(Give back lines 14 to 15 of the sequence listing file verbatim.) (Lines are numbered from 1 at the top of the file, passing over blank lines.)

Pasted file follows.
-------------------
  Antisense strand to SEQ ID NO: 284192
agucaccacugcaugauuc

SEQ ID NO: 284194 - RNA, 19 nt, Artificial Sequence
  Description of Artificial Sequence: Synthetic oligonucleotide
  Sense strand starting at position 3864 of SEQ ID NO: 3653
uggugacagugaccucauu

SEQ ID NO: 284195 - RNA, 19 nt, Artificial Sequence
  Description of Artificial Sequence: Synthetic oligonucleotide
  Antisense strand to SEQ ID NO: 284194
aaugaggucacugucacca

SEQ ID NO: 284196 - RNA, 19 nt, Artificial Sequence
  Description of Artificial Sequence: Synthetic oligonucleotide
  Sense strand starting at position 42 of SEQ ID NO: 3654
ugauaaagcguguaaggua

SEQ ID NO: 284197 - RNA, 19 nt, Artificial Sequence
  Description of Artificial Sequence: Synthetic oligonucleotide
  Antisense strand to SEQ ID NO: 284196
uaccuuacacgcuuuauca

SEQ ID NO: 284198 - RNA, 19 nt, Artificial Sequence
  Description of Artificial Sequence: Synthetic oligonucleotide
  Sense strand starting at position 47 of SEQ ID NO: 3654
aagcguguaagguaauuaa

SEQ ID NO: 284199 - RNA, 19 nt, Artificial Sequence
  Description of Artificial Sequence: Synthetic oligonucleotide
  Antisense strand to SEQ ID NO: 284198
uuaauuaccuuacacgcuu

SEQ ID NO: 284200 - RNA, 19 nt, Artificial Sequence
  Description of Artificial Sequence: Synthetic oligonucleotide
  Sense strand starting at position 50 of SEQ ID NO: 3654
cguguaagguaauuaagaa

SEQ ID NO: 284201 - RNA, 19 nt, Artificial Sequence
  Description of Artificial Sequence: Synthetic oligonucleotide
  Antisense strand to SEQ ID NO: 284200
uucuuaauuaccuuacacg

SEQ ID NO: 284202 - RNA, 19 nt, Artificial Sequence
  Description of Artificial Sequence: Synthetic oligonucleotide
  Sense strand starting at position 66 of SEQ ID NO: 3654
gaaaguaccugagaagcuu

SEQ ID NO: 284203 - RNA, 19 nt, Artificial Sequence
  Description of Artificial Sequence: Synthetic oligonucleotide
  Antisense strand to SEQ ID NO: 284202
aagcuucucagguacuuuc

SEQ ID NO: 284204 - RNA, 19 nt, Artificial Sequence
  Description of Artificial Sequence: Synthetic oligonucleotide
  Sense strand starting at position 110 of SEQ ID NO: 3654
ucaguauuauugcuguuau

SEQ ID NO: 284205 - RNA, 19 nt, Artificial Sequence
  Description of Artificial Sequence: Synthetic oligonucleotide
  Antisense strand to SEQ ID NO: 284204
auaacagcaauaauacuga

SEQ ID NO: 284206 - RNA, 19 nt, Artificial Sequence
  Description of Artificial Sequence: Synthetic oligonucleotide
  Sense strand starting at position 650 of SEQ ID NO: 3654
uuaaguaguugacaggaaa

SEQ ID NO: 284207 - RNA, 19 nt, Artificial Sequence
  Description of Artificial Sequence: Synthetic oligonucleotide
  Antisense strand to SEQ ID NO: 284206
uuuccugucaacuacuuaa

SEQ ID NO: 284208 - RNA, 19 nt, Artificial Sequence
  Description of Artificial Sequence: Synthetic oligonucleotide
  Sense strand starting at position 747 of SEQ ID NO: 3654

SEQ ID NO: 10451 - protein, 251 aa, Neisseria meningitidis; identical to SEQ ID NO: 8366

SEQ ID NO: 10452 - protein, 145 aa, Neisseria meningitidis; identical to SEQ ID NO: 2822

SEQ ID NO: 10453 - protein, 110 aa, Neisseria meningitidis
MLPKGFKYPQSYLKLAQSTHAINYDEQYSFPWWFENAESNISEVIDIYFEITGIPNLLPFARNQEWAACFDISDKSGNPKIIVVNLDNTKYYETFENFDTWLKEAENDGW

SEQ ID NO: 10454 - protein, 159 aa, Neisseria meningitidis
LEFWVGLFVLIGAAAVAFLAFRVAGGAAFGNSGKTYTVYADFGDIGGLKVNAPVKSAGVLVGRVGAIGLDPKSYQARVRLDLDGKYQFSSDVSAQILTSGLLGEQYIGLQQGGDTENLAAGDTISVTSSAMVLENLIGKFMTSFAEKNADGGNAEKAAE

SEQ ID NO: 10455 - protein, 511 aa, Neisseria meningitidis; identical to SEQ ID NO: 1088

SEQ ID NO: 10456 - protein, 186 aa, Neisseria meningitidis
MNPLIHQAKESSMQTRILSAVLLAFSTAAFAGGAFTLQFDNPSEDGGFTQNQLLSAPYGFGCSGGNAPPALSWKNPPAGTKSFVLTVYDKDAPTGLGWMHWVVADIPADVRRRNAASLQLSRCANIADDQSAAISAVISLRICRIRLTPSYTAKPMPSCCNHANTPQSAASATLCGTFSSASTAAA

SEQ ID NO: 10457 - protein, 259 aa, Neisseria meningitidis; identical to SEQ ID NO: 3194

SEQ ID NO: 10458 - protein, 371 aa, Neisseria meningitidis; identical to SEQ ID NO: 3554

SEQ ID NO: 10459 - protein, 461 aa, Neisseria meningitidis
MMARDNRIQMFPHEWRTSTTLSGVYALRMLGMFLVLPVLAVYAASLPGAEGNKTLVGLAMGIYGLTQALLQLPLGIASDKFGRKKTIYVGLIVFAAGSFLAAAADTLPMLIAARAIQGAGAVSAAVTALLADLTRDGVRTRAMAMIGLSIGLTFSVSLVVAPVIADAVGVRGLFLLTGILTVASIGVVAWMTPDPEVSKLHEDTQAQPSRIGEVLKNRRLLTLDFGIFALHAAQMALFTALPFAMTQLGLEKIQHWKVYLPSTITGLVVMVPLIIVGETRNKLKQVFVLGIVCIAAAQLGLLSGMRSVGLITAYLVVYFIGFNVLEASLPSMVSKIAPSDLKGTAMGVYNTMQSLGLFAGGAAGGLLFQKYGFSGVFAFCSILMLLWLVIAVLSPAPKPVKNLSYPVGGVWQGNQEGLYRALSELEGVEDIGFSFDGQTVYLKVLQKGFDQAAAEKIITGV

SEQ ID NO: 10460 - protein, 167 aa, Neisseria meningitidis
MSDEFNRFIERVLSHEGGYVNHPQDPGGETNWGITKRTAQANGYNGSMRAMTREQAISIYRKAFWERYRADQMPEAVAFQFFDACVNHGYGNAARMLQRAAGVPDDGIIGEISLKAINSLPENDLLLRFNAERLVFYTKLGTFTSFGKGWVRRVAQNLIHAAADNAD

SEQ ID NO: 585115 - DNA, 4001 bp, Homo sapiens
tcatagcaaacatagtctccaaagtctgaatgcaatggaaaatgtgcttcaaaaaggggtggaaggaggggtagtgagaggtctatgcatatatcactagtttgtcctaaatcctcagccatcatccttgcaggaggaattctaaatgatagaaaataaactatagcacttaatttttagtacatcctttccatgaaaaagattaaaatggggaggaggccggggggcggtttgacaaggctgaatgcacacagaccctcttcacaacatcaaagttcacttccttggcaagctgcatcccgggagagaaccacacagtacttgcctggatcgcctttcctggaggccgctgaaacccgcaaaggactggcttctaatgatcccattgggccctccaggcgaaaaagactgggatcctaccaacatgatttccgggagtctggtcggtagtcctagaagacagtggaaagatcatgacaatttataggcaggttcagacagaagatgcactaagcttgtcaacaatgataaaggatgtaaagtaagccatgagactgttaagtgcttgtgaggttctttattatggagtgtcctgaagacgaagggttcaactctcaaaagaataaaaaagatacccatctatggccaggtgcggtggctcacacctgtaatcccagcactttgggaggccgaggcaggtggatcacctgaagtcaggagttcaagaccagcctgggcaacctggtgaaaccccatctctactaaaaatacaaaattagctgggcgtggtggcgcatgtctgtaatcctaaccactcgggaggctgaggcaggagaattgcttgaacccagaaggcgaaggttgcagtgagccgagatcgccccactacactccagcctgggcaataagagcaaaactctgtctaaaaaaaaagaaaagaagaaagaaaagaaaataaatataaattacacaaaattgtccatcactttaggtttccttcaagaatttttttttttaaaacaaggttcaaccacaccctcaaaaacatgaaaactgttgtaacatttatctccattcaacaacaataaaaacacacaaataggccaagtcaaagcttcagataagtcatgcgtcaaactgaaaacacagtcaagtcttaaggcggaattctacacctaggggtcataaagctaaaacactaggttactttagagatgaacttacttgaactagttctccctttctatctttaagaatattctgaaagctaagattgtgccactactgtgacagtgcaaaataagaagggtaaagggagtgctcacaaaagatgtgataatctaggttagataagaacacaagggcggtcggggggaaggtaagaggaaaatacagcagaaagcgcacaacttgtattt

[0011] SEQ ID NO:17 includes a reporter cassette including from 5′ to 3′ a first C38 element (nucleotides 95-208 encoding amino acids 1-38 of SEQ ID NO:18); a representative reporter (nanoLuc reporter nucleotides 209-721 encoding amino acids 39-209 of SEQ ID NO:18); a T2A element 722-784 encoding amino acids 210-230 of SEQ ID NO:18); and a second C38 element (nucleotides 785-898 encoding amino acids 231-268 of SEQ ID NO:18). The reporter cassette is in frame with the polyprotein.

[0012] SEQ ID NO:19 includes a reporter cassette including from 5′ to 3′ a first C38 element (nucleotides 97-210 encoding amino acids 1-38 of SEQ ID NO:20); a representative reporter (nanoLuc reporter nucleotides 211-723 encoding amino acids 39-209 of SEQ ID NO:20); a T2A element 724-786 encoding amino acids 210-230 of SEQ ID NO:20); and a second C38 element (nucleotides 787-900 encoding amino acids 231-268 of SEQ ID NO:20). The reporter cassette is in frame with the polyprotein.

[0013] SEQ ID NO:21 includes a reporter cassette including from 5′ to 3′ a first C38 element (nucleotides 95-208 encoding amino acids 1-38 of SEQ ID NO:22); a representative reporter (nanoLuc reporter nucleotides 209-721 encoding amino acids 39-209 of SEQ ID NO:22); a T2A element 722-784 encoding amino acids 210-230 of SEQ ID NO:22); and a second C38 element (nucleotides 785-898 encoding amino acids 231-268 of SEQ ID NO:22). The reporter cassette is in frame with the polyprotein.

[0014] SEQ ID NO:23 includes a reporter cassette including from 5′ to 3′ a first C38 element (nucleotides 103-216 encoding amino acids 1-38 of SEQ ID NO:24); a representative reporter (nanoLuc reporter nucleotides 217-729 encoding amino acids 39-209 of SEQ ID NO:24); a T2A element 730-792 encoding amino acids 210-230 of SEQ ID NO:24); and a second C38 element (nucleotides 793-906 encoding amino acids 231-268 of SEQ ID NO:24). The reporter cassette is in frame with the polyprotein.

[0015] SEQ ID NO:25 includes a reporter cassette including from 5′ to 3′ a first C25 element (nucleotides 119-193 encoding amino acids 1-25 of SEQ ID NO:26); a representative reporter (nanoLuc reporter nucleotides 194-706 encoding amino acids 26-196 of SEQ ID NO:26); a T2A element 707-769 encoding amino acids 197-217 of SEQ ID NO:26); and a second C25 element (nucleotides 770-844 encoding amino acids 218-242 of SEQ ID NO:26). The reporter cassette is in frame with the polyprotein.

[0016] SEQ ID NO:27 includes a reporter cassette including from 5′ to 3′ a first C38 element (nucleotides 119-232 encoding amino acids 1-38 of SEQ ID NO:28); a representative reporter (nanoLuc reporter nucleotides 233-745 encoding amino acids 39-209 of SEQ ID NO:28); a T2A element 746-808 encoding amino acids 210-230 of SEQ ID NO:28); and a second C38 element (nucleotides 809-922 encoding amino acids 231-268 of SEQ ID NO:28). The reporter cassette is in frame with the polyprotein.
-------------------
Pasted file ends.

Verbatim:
ugauaaagcguguaaggua

SEQ ID NO: 284197 - RNA, 19 nt, Artificial Sequence